This story is by Gloria Jainchill and was part of our 2018 Fall Writing Contest. You can find all the writing contest stories here.
I looked over my reading book, and there in front of me was our picture window. It was nighttime and hard to see anything outside, especially with my reading lamp on. There was a glare on the window, the drapes still open as I was very involved in my novel. A novel taking place in one of the hilly old English towns. The kind of town where the stone houses are built three stories high along the hills within town limits. Those cool to the touch damp musty homes like the one I had stayed at during my four weeks stay in England many years ago. I lean towards books that take place in cities and towns that I am personally familiar with. The stories come alive in me. I can taste, feel, smell and hear their distinctive sounds. The bird calls, the lapping waters, the oil fueled lamps, the burning fireplaces and smoke from the brick ovens. The meandering sweet smelling brambles, bluebells, cowslip, primrose, honeysuckle and ivy along the cobblestone walkways. My senses alive I am walking through the town with the main characters and the villains. I can visualize the town’s main street and the dark allies with hideaway building entries. I am walking in the victim’s or the villains or the heroine’s shoes.
As a child, I overheard my Dad talking to my Mom about the owner of the deli being killed during an armed robbery. He ran the local bookie joint from there. They never found the killer which concerned him since he too was a local business owner. At least once a year they would be sitting there over their nightly coffee whispering, shaking their heads, saying a prayer of thanksgiving no one else had suffered the same fate. Several times I overhead him use the name Harry as he rushed through a quick prayer for his family. I think this incident and my parents fifteen year worry about us as a family, peaked my interest in mysteries and murder novels. My ability to travel the world with my art led me to England more than once.
This suspense novel was no different. I sat down about three pm with a cup of tea, reading and sipping as the plot thickened. I read for ten minutes finishing my chapter. My heart racing, I decided to stop, digest the who done it’s in the last three chapters. I looked out my window with the glare from my lamp. I almost jumped from my seat, hard to do in a lounge chair. First thought – I am imagining things, that dang novel. There in the window was this haunting, malformed, hollow-eyed face staring at me. I gasped for air, my chest tightened, my hands frozen to my book. I could not move.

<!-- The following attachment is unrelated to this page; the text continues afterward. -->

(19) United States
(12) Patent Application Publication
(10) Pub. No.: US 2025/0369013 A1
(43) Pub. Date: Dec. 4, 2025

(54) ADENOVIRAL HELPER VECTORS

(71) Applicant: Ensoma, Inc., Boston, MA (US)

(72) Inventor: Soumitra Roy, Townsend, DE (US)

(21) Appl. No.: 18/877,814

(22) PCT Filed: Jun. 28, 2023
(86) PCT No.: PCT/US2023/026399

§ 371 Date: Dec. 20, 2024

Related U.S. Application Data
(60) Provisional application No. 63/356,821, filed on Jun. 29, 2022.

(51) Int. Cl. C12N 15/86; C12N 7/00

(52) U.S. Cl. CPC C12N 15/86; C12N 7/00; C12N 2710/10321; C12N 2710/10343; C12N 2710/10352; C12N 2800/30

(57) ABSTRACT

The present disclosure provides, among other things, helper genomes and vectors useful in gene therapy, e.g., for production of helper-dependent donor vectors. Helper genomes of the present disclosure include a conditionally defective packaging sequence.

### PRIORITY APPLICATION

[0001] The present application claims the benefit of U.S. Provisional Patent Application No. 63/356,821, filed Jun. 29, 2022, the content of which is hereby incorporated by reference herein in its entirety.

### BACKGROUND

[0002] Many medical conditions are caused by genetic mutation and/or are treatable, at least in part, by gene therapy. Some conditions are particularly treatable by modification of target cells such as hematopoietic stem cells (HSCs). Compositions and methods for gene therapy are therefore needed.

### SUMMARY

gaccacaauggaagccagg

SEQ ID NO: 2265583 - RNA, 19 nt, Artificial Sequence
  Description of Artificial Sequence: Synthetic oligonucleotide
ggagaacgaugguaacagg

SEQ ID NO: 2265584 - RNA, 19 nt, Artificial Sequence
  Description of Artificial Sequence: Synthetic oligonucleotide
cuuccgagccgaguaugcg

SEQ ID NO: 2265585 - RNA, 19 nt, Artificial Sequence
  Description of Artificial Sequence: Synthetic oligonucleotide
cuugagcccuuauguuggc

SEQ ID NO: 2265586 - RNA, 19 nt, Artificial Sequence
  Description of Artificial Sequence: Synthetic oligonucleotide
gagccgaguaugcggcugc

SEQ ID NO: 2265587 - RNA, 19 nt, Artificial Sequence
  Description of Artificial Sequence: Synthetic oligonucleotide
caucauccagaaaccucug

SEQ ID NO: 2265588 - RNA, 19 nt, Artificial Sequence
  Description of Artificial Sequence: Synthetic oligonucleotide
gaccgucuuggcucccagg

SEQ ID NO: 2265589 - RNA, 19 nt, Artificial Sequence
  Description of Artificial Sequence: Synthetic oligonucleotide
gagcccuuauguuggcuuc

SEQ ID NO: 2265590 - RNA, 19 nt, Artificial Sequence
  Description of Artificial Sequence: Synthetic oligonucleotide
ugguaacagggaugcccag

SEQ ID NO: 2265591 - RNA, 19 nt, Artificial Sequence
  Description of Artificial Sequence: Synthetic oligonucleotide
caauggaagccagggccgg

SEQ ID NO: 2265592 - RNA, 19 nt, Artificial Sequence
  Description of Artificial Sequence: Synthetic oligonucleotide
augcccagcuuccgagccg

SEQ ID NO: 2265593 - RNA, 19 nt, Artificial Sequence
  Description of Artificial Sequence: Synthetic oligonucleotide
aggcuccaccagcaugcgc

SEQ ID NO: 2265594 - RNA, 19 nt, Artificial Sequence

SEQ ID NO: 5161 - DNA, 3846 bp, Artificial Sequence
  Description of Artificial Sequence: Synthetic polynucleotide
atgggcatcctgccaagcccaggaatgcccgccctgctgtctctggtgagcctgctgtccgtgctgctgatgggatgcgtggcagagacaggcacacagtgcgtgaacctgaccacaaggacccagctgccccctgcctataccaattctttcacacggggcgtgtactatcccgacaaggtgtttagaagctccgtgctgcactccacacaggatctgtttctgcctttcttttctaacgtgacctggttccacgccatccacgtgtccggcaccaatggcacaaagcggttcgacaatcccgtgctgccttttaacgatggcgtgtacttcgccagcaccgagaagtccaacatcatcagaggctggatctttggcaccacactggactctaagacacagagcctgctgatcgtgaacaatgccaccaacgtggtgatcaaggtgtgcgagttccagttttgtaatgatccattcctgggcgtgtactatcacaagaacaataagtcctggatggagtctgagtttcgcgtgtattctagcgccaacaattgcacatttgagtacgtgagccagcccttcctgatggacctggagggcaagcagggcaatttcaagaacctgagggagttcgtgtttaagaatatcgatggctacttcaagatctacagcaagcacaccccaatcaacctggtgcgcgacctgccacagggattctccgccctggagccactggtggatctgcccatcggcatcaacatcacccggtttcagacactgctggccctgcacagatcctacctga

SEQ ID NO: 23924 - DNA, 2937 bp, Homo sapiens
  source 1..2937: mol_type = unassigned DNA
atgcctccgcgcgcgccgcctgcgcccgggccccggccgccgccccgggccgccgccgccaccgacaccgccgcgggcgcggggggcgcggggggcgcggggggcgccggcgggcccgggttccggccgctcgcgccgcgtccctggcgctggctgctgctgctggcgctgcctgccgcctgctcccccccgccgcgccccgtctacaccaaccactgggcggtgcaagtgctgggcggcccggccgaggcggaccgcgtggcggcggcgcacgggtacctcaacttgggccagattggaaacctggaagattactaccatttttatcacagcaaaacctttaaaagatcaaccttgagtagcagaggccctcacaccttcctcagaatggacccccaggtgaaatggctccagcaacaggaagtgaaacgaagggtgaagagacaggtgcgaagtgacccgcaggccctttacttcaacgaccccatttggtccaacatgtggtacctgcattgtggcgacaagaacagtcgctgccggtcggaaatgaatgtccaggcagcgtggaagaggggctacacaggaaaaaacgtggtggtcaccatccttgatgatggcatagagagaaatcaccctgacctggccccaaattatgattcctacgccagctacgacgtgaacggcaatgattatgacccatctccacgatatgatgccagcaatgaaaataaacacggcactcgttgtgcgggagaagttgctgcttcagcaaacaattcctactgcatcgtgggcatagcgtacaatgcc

First instinct – run like cheetah, but I was frozen in my chair, not even able to close the drapes. Instinctively, I reached for the light switch and turned the lamp off. No face staring at me. My heart still racing and breathing fast, I closed my eyes self-talking. I knew with the light out I would not be seen, nor could I see the face. If they were going to break in, I would hear noises and have time to get my bat near the door in the umbrella stand.
“Did I lock the doors?” I asked me. “Yes” I replied out loud.
“Did I lock the windows?” I said out loud. “Yes, closed and latched.”
“It’s ninety degrees with the air on” flashed in my head.
No sounds of anyone breaking in. I opened my eyes, no face staring at me, I rose to check the deadbolts, and to close the drapes. Racing heart slowing, breathing longer smoother breaths, body relaxing. I thought of turning the light back on and calling 911.
“No” I heard loud and clear in my own voice. And I was not going to continue reading my book!
Did I recognize the face? Was it someone from the neighborhood? Was it a composite of the murderers in the stupid mystery novels I read?